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Major Gains For Manhattan Hotels in First Half of 1997

Rosy Numbers Spark a Building Boomlet

The Lodging Research Network Reports at http://www.lodgingresearch.com

NEW YORK, Aug. 28 - Occupancy rates at Manhattan hotels hit a whopping 81.5 percent for the first six months of 1997, according to the Lodging Research Network (www.lodgingresearch.com), the comprehensive, Internet-based resource for lodging industry data and information from Coopers Lybrand L.L.P.

That's a 4.7 percent increase over the same period last year, when occupancy was 77.9 percent, the Lodging Research Network reports. The average daily room rate for Manhattan hotels was $171.39 for the first six months of 1997, an 11 percent rise over the year-earlier period, when the average daily rate for Manhattan hotels was $154.43, the Lodging Research Network reports.

"The strong performance of Manhattan hotels in the first half of 1997 -- on the heels of a very strong 1996 -- is sparking considerable interest in hotel development and investment in the borough," according to Arthur Adler, lead New York-based partner in the Coopers Lybrand lodging and gaming group, creators of the Lodging Research Network (www.lodgingresearch.com).

"Currently, there are 19 hotel projects under development or in theplanning stages in Manhattan: an extraordinary number and more than at any point in the last eight years," he added. Four out of five hotel types in Manhattan -- deluxe, first-class, convention and tourist-class hotels -- experienced occupancy increases in the first half of 1997 versus the same period last year, the Lodging Research Network reports.

Tourist-class hotels enjoyed the biggest occupancy gain: a 12.3 percent rise from 74.2 percent occupancy in the first half of 1996 to 83.4 percent occupancy in the first half of 1997.

Manhattan's luxury hotels experienced a negligible occupancy drop, from 77.7 percent in the first half of 1996 to 77.5 percent in the first half of 1997. "Virtually all hotel types are experiencing increased demand levels," Adler observed, "And activity is strong across virtually all sources of demand, including commercial, leisure, transient and group demand."

Each of Manhattan's five hotel types experienced average daily room rate increases of more than seven percent during the first half of 1997 versus the first half of 1996, the Lodging Research Network says.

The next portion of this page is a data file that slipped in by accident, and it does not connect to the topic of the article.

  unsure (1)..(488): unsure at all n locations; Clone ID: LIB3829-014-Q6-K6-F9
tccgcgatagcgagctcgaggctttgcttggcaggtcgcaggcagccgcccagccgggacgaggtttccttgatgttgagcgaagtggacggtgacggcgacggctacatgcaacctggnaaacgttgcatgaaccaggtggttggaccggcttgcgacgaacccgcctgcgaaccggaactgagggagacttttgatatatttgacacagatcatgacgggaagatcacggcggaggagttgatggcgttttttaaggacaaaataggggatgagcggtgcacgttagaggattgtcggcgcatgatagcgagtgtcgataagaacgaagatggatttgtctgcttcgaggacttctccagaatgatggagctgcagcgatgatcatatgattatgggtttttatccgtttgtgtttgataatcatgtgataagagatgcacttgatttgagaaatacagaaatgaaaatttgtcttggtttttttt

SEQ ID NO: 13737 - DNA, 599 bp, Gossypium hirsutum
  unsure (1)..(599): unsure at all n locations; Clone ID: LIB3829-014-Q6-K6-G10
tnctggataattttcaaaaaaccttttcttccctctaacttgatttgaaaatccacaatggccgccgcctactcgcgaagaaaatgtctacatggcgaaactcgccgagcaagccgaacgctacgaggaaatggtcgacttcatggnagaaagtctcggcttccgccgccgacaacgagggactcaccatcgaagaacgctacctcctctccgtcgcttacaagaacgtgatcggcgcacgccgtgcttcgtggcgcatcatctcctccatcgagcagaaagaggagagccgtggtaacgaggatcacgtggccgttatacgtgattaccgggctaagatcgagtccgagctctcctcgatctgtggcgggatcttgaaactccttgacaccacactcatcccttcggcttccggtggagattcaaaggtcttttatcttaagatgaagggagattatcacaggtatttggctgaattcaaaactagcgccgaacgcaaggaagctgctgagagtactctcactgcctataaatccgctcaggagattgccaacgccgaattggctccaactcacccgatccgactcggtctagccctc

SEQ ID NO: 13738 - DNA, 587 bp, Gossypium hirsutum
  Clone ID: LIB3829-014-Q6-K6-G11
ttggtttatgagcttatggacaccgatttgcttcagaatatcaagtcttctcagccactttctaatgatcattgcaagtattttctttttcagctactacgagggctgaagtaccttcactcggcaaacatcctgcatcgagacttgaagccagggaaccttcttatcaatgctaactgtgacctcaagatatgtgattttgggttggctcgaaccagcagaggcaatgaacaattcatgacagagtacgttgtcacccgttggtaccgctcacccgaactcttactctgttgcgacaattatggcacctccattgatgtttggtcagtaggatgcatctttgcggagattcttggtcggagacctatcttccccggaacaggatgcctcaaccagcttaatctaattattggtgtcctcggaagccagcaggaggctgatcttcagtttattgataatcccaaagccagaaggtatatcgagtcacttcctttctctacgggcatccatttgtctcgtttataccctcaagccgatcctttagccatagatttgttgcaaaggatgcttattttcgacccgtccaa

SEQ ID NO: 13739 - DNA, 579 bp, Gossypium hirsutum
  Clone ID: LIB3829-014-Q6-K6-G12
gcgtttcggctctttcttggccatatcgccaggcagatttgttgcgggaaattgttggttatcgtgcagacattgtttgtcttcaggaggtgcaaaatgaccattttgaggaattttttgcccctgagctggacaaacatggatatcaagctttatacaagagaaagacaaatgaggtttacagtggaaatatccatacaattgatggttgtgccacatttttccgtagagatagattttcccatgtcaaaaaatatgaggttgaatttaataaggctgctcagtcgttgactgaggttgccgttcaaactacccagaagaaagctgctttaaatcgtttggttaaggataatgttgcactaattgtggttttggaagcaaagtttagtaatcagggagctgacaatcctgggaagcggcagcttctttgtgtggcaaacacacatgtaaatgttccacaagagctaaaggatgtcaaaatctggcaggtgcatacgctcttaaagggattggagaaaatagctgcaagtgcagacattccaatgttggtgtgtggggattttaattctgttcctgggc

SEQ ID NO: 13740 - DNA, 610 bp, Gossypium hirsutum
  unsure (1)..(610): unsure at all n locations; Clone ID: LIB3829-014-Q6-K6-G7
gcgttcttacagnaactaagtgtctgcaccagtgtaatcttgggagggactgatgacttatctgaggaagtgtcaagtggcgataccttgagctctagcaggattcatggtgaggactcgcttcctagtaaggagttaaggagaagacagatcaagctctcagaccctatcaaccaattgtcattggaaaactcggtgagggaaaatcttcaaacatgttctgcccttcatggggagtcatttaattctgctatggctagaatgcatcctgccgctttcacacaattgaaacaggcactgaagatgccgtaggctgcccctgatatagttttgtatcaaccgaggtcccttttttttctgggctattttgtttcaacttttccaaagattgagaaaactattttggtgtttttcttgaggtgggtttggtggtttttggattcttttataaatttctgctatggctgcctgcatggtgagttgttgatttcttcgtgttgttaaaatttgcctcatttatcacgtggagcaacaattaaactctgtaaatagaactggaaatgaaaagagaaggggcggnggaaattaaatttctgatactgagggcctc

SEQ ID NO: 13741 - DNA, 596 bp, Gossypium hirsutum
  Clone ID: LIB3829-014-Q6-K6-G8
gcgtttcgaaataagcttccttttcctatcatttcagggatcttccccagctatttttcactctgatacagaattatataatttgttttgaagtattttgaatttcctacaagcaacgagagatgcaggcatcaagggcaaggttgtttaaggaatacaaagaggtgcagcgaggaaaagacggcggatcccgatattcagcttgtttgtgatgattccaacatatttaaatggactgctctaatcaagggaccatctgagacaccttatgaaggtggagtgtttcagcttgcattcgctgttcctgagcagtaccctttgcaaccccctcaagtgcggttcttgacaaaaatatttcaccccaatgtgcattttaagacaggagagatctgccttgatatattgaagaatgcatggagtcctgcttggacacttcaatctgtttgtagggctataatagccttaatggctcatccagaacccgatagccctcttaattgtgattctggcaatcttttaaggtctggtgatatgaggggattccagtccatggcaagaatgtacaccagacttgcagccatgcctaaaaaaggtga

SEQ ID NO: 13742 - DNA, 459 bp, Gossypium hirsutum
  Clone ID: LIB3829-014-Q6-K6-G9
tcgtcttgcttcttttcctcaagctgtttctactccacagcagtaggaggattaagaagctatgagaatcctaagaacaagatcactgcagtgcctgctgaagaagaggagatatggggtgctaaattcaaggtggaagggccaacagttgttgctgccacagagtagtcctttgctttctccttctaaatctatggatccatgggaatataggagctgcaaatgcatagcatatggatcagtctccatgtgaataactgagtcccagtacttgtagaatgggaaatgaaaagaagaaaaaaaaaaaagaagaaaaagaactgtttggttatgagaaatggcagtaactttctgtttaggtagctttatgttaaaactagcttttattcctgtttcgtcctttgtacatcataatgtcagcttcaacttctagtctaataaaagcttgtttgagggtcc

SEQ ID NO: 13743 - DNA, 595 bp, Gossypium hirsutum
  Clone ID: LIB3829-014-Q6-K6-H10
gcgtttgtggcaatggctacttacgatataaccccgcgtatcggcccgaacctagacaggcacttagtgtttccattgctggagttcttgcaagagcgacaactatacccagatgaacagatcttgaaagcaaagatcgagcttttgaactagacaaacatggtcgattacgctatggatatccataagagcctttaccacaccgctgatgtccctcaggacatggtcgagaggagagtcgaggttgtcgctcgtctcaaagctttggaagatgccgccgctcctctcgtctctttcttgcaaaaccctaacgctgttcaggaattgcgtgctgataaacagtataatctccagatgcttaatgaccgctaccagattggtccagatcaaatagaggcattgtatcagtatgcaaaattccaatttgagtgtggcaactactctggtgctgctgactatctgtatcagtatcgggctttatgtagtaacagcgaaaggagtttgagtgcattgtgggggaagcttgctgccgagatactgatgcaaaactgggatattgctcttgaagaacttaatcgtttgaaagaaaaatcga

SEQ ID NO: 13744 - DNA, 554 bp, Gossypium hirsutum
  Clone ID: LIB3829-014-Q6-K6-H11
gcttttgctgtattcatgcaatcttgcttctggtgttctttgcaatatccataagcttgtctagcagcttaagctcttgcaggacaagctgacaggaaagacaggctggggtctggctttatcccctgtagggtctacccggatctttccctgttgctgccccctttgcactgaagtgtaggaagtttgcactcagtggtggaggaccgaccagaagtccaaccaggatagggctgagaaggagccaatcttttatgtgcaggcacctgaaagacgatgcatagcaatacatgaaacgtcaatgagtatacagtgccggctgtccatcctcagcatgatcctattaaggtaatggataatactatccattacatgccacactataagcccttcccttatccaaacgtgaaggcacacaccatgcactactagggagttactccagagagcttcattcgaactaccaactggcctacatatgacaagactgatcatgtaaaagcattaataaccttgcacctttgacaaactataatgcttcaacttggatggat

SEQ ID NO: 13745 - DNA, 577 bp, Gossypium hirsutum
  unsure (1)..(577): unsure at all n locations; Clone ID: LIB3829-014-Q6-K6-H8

The luxury segment experienced the biggest increase in average daily rate: a 13.4 percent rise from $208.38 in the first half of 1996 to $236.32 in the first half of 1997, www.lodgingresearch.com says. "For Manhattan's luxury hotels, strong growth in average room rate move than offset a small loss in occupancy for those hotels,"

Adler explained. Manhattan hotels' revenue per available room (RevPAR), an important lodging industry measure, rose 16.2 percent from $120.29 for the first half of 1996 to $139.75 for the first half of 1997, according to the Lodging Research Network. All five hotel types in Manhattan experienced RevPAR gains, with tourist-class hotels experiencing the biggest RevPAR increase: 23.4 percent, from $66.66 in the first half of 1996 to $82.26 in the first half of 1997, www.lodgingresearch.com says.

"Revenue per available room -- a measure that combines the impact of both occupancy and average daily room rate -- has increased markedly during the first half of this year," Adler noted. "The challenge for hotel management now will be to find the equilibrium between maximizing revenues -- and minimizing any potential rate resistance from hotel guests."

Third Quarter Outlook

Surveyed by Coopers Lybrand's Lodging Research Network, Manhattan hoteliers say they anticipate a modest rise on occupancy for the third quarter of 1997. With the peak of the summer tourist season and the beginning of the busy autumn convention season just ahead, Manhattan hoteliers anticipate that average daily room rates will rise as well.

Coopers & Lybrand's Lodging Research Network makes available via the Internet Coopers & Lybrand's renowned econometric forecasts for the lodging industry, breaking lodging industry news, an exclusive database of lodging industry real estate acquisitions, financial data of publicly traded lodging companies (including SEC filings), new hotel construction data, lodging census data from Smith Travel Research as well as an extensive research library that includes U.S. economic and demographic statistics. For more information about the Lodging Research Network, call 1-888-576-6656.

One of the world's leading professional services firms, Coopers & Lybrand L.L.P. provides services for enterprises in a wide range of industries. The firm offers its clients the expertise of more than 16,000 professionals and staff in offices located in 100 U.S. cities and, through the global network of Coopers & Lybrand International, more than 74,000 people in 142 countries worldwide.

SOURCE: Coopers & Lybrand L.L.P.

Contact: Adam Brecht of Coopers & Lybrand, 212-259-5996, Adam.Brecht@us.coopers.com


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